Reviewed by littlegoldwoman 1 / 10

Wish I loved it (Spoilers)

I have a plea out on the message boards for someone to please explain this movie to me. I love movies and I am not one of those who insist on only being hand fed obvious characters and plots. I enjoy movies that make you think and use symbolism.

But I honestly did not understand this film. Im not saying its horrible but I will say I don't think it deserves the ratings it is getting. I personally rated it a 1 because I feel compelled to balance out the absurd over ratings it is getting.

What I saw was two men fighting over the same two million dollars. One who is somewhat good and obviously poor and the other who is this maniac psycho killer. Im not even sure its his money, how he knows about it or why he even wants it. None of that was clarified.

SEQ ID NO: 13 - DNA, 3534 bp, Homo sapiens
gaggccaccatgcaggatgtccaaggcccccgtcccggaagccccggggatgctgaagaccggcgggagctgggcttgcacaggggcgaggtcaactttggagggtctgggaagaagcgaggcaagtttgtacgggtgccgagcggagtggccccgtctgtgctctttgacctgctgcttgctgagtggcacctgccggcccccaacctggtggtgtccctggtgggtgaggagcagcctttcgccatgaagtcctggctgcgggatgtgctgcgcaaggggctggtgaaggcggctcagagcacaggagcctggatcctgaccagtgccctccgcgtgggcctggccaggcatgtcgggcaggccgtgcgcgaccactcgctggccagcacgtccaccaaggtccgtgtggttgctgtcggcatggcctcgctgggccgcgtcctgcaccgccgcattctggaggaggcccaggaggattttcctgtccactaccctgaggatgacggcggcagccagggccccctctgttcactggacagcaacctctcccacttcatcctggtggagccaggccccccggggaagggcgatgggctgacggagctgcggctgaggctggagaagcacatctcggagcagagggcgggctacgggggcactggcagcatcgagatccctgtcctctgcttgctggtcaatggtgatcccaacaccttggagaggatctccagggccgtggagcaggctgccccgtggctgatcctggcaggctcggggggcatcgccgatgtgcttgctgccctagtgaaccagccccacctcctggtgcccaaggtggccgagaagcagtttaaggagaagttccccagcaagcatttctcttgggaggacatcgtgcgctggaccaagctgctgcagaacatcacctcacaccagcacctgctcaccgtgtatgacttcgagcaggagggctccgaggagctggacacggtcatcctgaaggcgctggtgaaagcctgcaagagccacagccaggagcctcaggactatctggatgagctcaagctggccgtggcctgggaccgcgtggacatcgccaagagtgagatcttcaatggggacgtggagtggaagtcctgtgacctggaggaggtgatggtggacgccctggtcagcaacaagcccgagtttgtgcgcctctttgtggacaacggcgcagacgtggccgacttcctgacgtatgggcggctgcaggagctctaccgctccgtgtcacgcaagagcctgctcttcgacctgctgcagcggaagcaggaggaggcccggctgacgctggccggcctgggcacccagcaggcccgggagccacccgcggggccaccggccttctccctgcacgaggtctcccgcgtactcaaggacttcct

The good guy is running with the money the bad guy is chasing him the sheriff seems like he is supposed to be chasing them but doesn't really want to and would rather be some sort of hillbilly philosopher about the whole thing.

Then the good guy suddenly dies. The bad guy escapes death by the skin of his teeth AGAIN the money disappears and the sheriff retires but not becoming so philosophical that the whole movie just ends right there at his dinner table with him rambling on about some dreams he had.

Again I would love to figure out this movie.

I am a 40 year old movie buff Academy Award trivia expert I own over 700 movies I've been a member here for 6 years And I have a college degree.